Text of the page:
A coffee cup of energy
I like to think everyone wakes up each morning with a certain amount of energy and focus. I visualize mine as a big cup of coffee. As I go through my day, my cup slowly empties as I do work and make decisions. I’ve found that little decisions throughout the day drain my cup just as much as big decisions. I’ve also found that this coffee cup isn’t replenishable - once your daily energy and focus are gone, they’re gone.
Sure, I can force myself to work after that cup is empty, but there are significant costs. My work suffers from a quality and efficiency standpoint. My health and personal relationships go by the wayside. I sleep less. I eat worse. It’s not sustainable, but it’s the way the majority of us live. We live this way simply because we don’t know there's an alternative. And not only an alternative - a simple one.
As I’ve transitioned from the “corporate” world to the “entrepreneurial” world I’ve learned a lot of things. Figuring out how to maximize my productivity and health is by far the most important. This post is about starting to work like an entrepreneur, so you can improve your daily life and have energy ready to recognize and capitalize on a new opportunity when it arises.
Adding entrepreneurial workflow to a 9-5 job
When I was an analyst at a financial company, I lived a hectic, draining lifestyle. My days were constantly interrupted by meetings and distractions. I’d check email every 5 minutes. I rarely focused on anything that interested me outside of work.
Then, I had an idea for my first startup. I had played Division III college basketball, and I knew that the recruiting process was a mess. High school players would send in highlight tapes and game film to schools they were interested in, hoping coaches would watch it and reach out. If coaches were interested, they’d come and view a game in person (if it fit into their schedule). It was an incredibly inefficient process, one that let great players constantly slip through the cracks.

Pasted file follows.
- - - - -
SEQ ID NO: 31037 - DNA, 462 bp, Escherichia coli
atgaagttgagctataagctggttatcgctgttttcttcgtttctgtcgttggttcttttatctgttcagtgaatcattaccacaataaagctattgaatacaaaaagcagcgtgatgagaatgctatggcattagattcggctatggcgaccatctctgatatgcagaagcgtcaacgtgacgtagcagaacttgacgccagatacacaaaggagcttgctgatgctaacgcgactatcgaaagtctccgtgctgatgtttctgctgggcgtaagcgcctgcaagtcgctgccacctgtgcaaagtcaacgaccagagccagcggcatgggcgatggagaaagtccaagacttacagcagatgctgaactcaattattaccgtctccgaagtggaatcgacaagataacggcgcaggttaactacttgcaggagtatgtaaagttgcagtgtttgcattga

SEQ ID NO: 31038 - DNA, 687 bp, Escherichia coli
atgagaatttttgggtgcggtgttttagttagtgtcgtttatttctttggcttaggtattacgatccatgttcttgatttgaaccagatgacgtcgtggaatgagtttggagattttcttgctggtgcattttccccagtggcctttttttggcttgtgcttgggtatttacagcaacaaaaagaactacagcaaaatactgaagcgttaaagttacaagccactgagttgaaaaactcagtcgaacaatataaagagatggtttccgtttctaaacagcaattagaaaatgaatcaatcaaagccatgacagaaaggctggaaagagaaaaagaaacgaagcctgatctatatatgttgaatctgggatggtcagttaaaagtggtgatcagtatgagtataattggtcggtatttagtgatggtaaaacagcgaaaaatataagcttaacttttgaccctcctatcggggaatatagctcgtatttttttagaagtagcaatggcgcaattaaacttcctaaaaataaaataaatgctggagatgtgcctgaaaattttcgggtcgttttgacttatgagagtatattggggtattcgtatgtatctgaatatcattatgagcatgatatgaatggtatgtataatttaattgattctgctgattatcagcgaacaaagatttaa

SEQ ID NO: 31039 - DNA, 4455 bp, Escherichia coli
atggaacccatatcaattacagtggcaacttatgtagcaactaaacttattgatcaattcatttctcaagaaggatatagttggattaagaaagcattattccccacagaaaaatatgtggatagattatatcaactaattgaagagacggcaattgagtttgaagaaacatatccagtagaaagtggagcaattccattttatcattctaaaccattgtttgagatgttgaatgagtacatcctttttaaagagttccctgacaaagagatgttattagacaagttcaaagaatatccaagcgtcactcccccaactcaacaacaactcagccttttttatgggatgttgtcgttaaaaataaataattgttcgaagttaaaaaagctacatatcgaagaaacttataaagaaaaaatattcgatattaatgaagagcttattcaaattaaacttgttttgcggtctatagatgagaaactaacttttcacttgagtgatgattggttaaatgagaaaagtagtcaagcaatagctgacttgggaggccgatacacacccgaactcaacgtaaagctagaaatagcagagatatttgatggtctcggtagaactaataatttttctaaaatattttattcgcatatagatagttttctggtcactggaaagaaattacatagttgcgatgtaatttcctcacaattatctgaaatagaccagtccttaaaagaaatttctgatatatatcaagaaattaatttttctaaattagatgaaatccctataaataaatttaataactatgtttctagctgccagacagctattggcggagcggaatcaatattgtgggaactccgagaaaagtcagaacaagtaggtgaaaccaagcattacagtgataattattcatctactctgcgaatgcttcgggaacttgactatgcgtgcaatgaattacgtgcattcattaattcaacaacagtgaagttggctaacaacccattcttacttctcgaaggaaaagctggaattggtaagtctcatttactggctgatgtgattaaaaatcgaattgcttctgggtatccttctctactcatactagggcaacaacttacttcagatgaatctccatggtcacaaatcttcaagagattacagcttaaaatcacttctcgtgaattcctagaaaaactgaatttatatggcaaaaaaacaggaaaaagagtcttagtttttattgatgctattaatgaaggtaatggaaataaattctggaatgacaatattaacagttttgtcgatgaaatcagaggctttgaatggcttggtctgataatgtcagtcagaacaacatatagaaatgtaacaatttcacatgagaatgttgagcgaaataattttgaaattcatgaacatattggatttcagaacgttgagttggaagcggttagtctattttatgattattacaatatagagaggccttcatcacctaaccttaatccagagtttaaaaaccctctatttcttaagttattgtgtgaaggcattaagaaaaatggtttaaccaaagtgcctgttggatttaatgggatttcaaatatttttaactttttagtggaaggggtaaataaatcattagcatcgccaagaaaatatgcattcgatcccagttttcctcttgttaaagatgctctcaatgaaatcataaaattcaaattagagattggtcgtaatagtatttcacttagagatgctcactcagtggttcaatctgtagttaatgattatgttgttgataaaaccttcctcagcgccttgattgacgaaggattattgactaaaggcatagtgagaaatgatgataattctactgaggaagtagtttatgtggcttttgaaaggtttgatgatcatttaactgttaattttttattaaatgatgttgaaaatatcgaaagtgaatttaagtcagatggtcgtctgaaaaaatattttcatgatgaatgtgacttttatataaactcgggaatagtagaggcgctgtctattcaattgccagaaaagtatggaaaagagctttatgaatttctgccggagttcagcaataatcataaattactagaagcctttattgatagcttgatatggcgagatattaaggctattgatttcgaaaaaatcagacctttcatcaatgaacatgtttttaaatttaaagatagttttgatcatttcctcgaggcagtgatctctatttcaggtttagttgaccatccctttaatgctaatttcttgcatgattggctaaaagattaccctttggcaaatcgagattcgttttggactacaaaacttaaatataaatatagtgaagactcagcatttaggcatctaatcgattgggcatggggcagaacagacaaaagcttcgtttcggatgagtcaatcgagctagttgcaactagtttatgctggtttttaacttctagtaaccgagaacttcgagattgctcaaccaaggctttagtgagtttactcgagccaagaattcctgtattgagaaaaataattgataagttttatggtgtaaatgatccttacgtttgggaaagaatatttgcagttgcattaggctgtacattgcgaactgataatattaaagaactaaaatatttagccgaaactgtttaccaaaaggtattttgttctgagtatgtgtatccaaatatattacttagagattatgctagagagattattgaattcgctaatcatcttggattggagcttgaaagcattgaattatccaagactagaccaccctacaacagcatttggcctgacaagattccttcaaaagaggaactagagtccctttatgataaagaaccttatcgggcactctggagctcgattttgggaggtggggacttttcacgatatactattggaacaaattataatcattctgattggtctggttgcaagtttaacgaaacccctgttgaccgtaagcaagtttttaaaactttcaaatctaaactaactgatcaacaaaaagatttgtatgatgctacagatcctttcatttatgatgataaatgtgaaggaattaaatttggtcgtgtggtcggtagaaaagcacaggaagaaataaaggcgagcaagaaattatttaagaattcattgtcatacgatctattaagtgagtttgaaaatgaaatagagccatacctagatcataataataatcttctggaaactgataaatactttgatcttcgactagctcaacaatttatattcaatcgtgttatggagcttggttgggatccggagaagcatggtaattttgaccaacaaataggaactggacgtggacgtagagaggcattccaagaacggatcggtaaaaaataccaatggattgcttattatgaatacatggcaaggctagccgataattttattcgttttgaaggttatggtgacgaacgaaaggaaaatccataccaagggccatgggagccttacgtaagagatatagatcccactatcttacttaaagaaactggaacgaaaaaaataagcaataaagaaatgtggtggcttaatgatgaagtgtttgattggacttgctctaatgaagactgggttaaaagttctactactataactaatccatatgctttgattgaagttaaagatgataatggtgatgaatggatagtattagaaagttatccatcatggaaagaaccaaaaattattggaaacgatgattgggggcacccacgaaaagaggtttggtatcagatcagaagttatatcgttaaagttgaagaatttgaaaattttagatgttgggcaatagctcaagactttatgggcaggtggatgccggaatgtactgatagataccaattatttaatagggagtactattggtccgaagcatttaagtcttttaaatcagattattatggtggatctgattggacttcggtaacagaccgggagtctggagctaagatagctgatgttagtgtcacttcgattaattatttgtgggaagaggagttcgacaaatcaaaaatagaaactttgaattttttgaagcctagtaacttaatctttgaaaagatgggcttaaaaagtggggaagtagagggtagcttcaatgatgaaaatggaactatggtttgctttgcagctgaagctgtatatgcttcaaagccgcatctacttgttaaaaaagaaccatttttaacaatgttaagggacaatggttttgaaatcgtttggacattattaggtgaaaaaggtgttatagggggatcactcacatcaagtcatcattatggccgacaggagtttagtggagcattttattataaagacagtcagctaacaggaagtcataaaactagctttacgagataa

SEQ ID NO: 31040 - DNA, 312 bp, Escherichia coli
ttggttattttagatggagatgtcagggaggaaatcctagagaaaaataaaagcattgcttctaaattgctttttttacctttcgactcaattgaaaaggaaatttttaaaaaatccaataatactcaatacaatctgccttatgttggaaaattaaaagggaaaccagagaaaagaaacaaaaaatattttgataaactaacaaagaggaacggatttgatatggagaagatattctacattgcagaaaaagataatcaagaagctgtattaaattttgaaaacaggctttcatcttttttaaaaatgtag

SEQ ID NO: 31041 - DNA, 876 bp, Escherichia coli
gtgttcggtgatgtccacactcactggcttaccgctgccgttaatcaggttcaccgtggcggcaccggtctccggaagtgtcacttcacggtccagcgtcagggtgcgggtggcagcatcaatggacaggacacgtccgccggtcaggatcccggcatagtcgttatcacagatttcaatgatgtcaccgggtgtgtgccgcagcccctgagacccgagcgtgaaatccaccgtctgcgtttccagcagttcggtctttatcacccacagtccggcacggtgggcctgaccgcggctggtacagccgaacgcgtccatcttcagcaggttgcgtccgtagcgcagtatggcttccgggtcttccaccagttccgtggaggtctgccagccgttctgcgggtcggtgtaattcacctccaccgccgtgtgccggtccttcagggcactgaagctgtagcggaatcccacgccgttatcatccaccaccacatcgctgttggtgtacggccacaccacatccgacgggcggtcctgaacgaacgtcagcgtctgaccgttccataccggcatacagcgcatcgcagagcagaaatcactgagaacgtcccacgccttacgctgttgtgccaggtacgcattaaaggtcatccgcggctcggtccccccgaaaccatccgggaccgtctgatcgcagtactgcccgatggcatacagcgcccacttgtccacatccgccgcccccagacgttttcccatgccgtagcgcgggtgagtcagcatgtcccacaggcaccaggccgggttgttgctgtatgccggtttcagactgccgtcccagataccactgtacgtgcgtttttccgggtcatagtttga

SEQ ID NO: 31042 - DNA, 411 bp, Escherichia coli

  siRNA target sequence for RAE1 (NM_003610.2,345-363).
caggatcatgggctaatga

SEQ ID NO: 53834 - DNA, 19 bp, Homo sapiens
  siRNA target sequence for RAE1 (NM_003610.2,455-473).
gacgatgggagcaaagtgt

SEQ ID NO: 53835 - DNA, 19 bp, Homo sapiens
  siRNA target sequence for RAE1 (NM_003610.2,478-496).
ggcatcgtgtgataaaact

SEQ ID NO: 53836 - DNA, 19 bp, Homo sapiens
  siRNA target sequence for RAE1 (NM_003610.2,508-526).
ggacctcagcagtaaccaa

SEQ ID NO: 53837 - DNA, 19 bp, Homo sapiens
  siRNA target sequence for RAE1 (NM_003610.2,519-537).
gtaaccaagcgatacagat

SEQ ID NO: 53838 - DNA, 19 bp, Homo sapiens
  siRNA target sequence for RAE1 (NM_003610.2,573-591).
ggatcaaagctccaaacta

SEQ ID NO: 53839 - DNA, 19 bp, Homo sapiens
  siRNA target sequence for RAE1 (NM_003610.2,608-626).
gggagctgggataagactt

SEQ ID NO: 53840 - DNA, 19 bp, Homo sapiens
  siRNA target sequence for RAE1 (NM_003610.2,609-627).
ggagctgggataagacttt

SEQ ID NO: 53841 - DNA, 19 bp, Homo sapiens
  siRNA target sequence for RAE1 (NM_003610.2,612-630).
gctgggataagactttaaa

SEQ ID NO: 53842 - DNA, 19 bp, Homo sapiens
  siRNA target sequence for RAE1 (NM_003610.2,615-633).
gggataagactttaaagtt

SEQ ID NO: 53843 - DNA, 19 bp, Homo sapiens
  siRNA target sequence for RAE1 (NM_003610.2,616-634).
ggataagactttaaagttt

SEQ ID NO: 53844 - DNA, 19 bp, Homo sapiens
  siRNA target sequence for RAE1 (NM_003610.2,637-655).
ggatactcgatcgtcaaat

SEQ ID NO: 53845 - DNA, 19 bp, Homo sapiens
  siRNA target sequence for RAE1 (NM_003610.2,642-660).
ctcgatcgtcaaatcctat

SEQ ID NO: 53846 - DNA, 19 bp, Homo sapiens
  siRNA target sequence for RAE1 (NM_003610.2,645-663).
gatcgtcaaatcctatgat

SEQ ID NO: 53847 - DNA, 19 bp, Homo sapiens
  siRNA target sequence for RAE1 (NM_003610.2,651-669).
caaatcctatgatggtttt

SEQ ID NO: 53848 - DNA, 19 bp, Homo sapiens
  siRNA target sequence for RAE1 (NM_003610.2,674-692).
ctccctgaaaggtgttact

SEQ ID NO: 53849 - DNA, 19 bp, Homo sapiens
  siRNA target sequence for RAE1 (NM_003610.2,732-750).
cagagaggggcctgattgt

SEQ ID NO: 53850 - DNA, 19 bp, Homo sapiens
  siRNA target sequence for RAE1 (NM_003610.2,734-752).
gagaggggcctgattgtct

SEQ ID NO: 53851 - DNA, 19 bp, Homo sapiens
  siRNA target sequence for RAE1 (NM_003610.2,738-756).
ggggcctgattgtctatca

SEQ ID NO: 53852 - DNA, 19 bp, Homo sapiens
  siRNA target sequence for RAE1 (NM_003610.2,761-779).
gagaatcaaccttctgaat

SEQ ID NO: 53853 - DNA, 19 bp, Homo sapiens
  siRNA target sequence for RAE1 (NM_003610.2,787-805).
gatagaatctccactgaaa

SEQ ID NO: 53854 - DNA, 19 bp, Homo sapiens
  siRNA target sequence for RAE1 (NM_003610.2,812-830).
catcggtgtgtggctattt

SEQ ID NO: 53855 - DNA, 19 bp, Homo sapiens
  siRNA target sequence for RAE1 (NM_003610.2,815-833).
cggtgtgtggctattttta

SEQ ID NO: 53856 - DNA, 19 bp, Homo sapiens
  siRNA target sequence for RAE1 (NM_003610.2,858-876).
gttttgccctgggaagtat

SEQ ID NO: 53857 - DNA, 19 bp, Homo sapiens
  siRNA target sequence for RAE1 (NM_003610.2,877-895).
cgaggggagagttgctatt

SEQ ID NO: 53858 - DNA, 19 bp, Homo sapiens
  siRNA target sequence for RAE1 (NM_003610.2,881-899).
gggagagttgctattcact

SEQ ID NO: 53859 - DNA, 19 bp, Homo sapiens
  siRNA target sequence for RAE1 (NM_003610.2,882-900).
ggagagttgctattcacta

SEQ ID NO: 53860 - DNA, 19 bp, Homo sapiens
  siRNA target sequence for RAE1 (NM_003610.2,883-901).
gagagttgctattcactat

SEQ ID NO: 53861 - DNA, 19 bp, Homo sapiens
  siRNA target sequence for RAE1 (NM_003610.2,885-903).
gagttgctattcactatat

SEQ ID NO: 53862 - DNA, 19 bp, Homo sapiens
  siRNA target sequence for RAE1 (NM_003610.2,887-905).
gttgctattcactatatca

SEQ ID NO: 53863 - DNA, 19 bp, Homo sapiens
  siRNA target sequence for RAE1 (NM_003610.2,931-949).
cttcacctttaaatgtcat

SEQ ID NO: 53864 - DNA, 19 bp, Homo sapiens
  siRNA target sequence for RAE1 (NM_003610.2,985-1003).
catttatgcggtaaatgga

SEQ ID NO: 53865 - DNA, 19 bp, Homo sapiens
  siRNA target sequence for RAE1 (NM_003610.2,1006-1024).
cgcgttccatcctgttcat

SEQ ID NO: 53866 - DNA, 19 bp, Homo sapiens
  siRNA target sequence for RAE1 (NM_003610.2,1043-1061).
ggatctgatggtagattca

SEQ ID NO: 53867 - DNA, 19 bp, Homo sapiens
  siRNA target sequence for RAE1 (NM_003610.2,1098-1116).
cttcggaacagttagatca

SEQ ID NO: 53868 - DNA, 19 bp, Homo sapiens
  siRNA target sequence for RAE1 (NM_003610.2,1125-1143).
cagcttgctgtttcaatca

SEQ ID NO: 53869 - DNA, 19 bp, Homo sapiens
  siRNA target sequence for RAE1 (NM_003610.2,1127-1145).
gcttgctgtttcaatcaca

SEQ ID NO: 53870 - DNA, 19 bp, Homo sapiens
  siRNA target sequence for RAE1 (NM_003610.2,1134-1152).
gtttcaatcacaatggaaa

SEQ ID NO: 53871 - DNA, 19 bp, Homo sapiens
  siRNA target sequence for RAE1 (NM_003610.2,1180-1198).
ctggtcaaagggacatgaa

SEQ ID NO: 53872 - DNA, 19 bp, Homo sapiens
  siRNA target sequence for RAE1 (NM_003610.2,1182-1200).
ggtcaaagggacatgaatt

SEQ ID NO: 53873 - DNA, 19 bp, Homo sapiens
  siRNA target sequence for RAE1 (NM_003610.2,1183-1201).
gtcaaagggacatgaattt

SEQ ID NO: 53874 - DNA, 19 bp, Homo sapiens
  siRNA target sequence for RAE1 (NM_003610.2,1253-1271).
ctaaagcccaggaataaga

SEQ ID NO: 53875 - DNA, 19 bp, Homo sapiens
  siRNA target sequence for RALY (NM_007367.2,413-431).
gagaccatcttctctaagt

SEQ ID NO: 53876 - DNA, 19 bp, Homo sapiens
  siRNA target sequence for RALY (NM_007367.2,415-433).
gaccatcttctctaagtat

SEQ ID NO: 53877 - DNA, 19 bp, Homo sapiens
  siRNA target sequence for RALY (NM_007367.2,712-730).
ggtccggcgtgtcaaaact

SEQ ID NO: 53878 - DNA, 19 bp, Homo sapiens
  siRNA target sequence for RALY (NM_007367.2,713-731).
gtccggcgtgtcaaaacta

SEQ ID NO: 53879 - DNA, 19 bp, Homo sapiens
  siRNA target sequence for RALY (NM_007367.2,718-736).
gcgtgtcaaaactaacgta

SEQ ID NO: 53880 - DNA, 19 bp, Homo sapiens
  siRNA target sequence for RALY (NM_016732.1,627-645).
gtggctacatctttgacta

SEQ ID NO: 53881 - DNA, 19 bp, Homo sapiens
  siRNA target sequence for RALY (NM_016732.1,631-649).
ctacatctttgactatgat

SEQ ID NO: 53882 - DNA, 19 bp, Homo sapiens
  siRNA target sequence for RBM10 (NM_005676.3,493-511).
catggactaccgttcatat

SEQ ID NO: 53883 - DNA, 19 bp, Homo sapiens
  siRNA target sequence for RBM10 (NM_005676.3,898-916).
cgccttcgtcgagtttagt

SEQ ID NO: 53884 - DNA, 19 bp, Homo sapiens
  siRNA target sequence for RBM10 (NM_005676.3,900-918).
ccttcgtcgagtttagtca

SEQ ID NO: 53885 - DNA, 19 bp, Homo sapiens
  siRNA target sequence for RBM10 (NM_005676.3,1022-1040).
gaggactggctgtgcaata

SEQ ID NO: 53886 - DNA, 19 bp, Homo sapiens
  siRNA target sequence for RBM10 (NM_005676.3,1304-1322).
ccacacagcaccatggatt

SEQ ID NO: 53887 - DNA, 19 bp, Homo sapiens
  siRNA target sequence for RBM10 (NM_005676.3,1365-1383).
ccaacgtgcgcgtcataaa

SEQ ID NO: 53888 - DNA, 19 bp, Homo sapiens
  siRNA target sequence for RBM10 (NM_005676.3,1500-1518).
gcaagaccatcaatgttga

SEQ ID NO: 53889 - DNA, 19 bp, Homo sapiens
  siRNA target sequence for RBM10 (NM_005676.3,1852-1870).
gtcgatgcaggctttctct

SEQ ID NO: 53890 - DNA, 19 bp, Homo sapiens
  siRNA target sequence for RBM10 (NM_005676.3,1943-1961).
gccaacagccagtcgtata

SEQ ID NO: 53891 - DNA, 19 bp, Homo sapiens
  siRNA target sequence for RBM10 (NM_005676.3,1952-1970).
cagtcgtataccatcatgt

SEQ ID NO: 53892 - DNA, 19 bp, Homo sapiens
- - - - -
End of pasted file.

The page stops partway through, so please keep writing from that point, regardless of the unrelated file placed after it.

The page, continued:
I decided I wanted to make what essentially amounted to a LinkedIn for recruiting. Players would upload game film, create profiles, and contact coaches they were interested in. Coaches could group players they were interested in, and allocate their limited resources accordingly.
It was perfect - except for one thing. I had literally no idea where to start. I didn’t even know anyone who knew where to start. I was completely lost.
I wound up grabbing lunch with the cousin of a friend of mine who had a healthcare startup. We clicked, and he became a mentor. He said that if I wanted to really give this startup a chance - without quitting my job - I’d have to optimize my days to spend good energy on both my startup and my day job.
He laid out a plan where I woke up an hour and a half early each morning to work on my basketball startup. I’d then go to work. This essentially amounted to adding an hour and a half of work to my already packed day - nothing was removed.
He claimed if I maximized my energy, there’d be more than enough time to do both really well. He was right. Within 8 months I had a viable startup and had been promoted. Understanding workflow has changed my life.
Here are my 5 favorite tips for maximizing energy and focus each day. Hopefully they’re helpful to you as well, whether you’re looking to start a company or simply increase your productivity and your free time.
5 tips on maximizing focus and energy
1) Automate small decisions. There are two types of decisions - those we need to think about, and those that are automated. The second kind are called habits, and they make up the majority of our days and lives. They take way less out of the coffee cup than decisions we need to think about. The goal is to shift as many decisions each day to the habit side, and to make these decisions as healthy as possible. This might sound like a weird practice, but it’s the most liberating thing I’ve ever done.
I don’t need to worry about what I eat for breakfast or lunch - I decide the night before when (more on decision process in #2). I take the same route to work every morning, check email and Twitter during the work day at the same time (10am, 1pm, 4pm, 7pm), go to bed and wake up at the same time, etc. I automate all the stuff that doesn’t matter, so I can have a free, clear mind for the things that do.